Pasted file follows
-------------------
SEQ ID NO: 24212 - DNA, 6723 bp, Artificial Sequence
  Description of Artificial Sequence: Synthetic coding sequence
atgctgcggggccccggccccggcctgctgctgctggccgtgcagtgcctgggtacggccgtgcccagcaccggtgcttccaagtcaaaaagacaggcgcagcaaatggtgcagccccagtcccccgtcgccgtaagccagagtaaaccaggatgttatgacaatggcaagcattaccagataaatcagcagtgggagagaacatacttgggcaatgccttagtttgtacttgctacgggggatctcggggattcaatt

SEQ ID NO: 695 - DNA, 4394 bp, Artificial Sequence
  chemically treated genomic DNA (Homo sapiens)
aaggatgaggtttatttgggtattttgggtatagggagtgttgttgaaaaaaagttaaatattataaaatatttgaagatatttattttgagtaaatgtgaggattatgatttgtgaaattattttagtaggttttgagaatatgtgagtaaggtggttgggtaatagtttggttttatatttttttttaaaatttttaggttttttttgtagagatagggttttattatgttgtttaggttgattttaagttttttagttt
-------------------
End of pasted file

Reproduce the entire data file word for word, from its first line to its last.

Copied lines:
SEQ ID NO: 24212 - DNA, 6723 bp, Artificial Sequence
  Description of Artificial Sequence: Synthetic coding sequence
atgctgcggggccccggccccggcctgctgctgctggccgtgcagtgcctgggtacggccgtgcccagcaccggtgcttccaagtcaaaaagacaggcgcagcaaatggtgcagccccagtcccccgtcgccgtaagccagagtaaaccaggatgttatgacaatggcaagcattaccagataaatcagcagtgggagagaacatacttgggcaatgccttagtttgtacttgctacgggggatctcggggattcaatt

SEQ ID NO: 695 - DNA, 4394 bp, Artificial Sequence
  chemically treated genomic DNA (Homo sapiens)
aaggatgaggtttatttgggtattttgggtatagggagtgttgttgaaaaaaagttaaatattataaaatatttgaagatatttattttgagtaaatgtgaggattatgatttgtgaaattattttagtaggttttgagaatatgtgagtaaggtggttgggtaatagtttggttttatatttttttttaaaatttttaggttttttttgtagagatagggttttattatgttgtttaggttgattttaagttttttagttt